Salmonella strain in US pigs linked to resistant group from Europe
A new study published in Clinical infectious Diseases suggests that a Salmonella strain circulating in pigs in the US Midwest is part of an emerging clade from Europe that is resistant to multiple antibiotics and may pose a public health risk.
The strain, Salmonella 4,,12:i:-, causes many foodborne disease outbreaks mostly tied to pigs and pork products and is expanding in the United States, according to the report by researchers from Minnesota and the United Kingdom.
The team used whole-genome sequencing to assess the relatedness of 659 S 4,,12:i:- isolates and 325 S Typhimurium isolates from various sources and locations in the United States and Europe. They also searched for resistance genes and other virulence factors and, for 50 livestock isolates and 22 human isolates, determined the antimicrobial resistance phenotypes.
The researchers found that the S 4,,12:i:- isolates fell into two main clades, regardless of their host or place of origin. Eighty-four percent of the US isolates recovered from 2014 through 2016, including nearly all those from pigs in the Midwest, were part of an emerging clade. This clade carried multiple genetic markers for antimicrobial resistance, including resistance to ampicillin, streptomycin, sulphonamides, and tetracyclines.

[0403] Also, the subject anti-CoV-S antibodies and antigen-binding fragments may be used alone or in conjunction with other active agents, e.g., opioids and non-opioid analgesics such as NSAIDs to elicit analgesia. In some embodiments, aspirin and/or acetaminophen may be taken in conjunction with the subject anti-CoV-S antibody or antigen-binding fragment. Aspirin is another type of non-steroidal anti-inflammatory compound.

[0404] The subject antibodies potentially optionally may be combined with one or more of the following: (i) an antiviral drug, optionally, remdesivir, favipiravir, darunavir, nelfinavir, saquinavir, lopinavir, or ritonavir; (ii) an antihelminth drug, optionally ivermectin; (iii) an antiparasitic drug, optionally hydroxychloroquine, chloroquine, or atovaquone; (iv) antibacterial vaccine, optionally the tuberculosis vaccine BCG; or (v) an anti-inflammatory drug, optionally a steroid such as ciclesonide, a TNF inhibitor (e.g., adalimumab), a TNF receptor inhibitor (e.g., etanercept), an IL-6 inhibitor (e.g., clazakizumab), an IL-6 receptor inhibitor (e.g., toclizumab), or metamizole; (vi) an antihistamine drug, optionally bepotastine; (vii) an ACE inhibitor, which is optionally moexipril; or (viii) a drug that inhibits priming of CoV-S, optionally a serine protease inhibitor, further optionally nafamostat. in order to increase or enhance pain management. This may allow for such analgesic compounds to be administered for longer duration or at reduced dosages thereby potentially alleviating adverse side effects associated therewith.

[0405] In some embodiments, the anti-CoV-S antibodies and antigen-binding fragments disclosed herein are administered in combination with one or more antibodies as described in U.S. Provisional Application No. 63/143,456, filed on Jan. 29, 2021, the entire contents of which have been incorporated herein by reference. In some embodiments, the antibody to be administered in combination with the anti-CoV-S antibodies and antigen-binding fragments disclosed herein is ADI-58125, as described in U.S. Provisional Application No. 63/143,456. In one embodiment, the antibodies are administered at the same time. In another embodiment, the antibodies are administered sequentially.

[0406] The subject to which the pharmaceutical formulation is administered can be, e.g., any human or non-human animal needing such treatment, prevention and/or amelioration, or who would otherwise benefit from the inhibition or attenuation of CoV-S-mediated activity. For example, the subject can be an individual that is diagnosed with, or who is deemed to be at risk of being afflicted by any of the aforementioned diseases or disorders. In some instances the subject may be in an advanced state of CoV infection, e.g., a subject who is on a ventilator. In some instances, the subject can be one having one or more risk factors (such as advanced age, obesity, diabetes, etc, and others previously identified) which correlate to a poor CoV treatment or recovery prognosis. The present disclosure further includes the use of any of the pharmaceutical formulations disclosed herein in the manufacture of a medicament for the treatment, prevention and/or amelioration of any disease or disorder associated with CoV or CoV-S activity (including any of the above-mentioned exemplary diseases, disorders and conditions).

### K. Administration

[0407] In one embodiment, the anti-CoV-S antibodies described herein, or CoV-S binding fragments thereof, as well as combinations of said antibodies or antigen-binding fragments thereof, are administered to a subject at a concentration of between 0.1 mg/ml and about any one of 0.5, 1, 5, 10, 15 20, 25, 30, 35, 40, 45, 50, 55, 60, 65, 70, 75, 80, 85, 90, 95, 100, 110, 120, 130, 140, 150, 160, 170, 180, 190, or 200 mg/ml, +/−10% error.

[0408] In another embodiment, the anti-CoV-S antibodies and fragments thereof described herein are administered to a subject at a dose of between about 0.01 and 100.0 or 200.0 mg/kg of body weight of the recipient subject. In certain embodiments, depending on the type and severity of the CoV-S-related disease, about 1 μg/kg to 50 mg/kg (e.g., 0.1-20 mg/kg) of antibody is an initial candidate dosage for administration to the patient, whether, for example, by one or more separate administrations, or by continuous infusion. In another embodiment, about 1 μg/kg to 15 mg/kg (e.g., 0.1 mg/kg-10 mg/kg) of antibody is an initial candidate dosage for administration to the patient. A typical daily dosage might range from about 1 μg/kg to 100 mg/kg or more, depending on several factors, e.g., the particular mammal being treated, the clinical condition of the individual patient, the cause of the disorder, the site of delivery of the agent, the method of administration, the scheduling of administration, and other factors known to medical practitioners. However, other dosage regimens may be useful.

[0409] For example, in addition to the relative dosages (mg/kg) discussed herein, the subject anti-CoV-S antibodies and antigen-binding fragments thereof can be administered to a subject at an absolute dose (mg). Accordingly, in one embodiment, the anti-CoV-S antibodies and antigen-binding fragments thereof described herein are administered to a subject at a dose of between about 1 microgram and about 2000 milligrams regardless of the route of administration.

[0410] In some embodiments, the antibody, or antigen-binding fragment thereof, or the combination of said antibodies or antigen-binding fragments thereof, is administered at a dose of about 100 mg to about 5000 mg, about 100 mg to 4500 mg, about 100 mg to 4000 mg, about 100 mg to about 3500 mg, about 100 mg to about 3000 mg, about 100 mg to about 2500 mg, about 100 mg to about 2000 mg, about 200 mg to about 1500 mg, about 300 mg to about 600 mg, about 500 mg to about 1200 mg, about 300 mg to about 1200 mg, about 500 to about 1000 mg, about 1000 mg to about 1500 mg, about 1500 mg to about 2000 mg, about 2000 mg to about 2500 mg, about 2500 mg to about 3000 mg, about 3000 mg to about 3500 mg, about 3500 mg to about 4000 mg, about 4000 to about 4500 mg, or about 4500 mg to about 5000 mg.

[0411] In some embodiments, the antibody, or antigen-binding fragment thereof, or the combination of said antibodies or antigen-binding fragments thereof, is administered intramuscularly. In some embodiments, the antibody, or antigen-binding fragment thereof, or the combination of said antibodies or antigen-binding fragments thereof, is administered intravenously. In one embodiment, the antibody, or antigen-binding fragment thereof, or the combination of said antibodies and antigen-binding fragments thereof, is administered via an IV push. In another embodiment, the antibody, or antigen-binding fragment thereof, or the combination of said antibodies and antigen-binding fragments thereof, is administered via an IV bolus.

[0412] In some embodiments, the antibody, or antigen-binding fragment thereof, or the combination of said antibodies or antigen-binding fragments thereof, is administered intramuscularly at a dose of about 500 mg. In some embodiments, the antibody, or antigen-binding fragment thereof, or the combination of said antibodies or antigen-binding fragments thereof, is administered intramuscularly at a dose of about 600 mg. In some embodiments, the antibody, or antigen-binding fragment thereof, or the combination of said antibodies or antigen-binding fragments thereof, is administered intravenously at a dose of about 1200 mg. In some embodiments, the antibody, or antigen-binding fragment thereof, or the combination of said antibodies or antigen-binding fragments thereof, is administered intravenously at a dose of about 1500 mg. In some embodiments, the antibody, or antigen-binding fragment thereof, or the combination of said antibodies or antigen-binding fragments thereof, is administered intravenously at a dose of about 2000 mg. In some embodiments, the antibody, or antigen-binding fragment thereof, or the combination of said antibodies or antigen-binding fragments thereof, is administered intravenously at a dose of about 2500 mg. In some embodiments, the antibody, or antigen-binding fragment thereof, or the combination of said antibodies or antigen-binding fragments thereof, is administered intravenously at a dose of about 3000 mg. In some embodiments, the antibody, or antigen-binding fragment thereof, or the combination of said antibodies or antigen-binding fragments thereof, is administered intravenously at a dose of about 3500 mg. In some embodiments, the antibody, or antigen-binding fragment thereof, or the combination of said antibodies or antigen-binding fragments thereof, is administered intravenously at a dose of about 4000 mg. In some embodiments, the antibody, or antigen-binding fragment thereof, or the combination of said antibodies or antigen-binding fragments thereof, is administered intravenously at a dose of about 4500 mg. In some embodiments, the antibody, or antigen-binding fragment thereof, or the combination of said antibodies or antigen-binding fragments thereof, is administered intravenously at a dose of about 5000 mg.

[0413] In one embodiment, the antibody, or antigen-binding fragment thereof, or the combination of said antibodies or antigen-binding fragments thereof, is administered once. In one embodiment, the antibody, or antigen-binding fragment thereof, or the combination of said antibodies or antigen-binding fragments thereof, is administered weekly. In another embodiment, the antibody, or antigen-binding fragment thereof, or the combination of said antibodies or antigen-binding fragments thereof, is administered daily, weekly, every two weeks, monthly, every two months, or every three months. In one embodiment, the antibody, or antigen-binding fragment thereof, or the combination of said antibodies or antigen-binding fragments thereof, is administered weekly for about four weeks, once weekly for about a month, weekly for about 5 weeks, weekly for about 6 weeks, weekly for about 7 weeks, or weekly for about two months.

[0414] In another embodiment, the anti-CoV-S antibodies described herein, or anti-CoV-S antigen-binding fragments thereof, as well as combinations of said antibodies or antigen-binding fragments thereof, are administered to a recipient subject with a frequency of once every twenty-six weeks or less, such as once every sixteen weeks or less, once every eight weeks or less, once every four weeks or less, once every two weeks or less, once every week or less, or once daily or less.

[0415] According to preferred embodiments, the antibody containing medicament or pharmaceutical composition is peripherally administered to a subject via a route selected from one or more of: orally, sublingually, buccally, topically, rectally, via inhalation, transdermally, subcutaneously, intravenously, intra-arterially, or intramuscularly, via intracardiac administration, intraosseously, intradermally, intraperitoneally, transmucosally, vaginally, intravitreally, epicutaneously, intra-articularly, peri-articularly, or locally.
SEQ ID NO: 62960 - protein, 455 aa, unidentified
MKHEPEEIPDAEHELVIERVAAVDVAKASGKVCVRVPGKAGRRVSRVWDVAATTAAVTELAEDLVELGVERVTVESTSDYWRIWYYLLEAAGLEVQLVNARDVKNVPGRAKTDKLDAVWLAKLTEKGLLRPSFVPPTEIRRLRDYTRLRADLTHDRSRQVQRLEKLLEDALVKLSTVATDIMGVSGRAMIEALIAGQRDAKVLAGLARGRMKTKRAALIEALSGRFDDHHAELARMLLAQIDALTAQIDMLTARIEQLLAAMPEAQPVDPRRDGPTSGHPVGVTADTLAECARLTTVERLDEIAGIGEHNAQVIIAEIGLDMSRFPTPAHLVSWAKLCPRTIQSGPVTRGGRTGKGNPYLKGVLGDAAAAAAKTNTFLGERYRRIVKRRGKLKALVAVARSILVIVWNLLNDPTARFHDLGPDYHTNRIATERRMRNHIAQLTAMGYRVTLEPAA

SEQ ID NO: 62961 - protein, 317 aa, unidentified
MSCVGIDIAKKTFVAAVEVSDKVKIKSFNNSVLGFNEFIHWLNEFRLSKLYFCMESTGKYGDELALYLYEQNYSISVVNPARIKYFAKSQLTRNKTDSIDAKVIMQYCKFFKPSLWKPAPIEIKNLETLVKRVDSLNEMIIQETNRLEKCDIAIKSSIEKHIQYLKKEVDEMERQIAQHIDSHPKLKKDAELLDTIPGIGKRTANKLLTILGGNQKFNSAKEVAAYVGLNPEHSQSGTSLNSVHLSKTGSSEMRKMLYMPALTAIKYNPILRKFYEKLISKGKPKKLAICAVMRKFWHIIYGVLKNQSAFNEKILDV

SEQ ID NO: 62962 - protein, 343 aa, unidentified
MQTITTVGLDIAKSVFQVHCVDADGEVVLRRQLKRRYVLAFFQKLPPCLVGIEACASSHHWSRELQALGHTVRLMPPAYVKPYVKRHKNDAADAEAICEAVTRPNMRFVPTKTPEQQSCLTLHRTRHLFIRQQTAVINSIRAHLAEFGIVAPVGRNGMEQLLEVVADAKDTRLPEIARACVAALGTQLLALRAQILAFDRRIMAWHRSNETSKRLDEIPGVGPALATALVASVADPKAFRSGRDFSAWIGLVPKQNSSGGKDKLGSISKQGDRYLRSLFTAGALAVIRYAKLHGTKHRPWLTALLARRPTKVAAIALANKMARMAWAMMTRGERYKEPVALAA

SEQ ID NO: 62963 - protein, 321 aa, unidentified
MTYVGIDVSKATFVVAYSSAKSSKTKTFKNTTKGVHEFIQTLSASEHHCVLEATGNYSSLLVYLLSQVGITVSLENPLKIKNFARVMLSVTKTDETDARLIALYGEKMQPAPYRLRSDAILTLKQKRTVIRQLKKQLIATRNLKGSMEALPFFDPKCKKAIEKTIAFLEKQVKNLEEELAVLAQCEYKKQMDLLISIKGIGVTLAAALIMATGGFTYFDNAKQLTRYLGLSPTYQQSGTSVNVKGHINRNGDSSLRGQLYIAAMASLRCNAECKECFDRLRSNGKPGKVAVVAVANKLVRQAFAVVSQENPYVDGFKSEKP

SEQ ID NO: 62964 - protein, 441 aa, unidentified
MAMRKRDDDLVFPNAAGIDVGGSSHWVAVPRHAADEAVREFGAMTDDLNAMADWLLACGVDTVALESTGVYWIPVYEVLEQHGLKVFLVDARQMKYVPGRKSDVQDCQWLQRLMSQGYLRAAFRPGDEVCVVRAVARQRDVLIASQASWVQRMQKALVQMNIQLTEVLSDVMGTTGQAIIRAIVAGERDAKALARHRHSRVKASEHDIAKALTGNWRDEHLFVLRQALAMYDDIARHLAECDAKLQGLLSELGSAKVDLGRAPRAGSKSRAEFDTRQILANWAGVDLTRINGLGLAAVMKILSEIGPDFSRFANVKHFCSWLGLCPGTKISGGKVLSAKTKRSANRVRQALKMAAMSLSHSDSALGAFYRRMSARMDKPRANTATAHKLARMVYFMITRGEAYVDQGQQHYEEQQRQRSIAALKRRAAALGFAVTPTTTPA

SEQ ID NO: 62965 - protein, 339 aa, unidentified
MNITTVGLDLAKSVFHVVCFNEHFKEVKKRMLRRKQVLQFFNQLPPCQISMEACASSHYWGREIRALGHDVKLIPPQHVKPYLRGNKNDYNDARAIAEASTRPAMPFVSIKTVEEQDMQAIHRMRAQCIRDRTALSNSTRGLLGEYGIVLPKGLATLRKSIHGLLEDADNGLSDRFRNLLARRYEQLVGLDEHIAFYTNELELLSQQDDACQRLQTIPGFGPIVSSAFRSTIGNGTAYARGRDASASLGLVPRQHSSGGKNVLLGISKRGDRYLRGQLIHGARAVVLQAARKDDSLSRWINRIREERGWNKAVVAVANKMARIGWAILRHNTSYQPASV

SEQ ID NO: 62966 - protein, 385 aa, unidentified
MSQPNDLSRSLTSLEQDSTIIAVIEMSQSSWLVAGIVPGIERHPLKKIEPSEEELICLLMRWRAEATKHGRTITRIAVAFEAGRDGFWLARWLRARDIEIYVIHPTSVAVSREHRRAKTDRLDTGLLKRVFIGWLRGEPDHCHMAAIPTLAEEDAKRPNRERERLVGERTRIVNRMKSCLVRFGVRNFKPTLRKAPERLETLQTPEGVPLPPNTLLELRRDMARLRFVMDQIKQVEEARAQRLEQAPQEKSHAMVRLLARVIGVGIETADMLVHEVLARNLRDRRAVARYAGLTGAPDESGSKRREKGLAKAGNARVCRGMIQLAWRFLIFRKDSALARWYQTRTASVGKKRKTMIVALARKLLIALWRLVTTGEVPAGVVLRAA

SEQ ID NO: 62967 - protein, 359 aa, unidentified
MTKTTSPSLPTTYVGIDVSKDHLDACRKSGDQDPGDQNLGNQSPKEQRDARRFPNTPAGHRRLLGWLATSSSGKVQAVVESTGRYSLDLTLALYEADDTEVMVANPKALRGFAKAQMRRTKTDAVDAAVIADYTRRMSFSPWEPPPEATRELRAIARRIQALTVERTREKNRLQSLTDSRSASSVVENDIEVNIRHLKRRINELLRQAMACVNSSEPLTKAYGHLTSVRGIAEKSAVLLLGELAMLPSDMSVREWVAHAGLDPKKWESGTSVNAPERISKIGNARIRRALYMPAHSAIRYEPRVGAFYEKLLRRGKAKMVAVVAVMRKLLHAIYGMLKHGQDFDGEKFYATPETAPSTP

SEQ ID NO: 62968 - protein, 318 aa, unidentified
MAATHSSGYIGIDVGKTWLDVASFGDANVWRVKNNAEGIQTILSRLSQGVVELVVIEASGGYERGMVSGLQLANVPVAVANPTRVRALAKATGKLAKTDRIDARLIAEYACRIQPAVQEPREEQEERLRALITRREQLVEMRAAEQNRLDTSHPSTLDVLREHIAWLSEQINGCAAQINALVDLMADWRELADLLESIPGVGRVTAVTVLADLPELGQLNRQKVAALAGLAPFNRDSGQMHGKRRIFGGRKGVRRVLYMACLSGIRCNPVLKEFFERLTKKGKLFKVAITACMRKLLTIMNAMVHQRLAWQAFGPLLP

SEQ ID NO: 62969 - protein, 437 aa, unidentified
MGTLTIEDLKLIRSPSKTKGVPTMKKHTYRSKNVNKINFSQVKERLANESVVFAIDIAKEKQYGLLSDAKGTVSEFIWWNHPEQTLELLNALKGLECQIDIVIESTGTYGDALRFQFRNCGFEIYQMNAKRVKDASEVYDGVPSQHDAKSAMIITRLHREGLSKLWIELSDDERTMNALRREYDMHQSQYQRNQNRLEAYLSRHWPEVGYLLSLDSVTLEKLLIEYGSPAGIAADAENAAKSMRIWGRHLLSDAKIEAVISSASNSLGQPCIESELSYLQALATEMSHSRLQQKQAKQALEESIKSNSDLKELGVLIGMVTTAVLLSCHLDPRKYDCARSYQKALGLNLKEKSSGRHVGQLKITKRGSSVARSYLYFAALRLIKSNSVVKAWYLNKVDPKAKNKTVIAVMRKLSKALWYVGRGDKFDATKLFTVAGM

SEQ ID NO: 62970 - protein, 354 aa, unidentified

In addition, phenotypic (actual) resistance to enrofloxacin and ceftiofur was found in 11 of the 50 tested livestock isolates and 9 of the 22 human isolates. This was accompanied by plasmid-mediated resistance genes.
The authors conclude that S 4,,12:i:- strains circulating in Midwestern swine herds "are likely part of an emerging multidrug resistant clade first reported in Europe, and can carry plasmid-mediated resistance genes that may be transmitted horizontally to other bacteria and thus could represent a public-health concern."
Oct 23 Clin Infect Dis abstract
CDC awards $9 million more for research to slow antibiotic resistance
The US Centers for Disease Control and Prevention (CDC) today announced $9 million in awards to support research into new ways to combat antibiotic resistance and to identify knowledge gaps related to the problem. The support will go to 25 centers, including several major universities and other institutions, such as the Children's Hospital of Philadelphia and the J. Craig Venter Institute.
In its announcement, the CDC said the awards are part of its Antibiotic Resistance Solutions Initiative, intended to grow innovative approaches to fighting antibiotic resistance. In fiscal years 2016 and 2017 the initiative awarded more than $24 million.
The CDC said in a press release e-mailed to journalists that the latest round of awards is targeted to discovering and testing new strategies to protect patients from resistance threats in healthcare settings, investigate the threat from the human microbiome, and probe the impact of antibiotic resistance elements—genetic material that can move between and combine with bacteria—from environmental sources such as surface water and soil.
Newly funded projects are detailed in a list on the CDC's website.
Oct 23 CDC announcement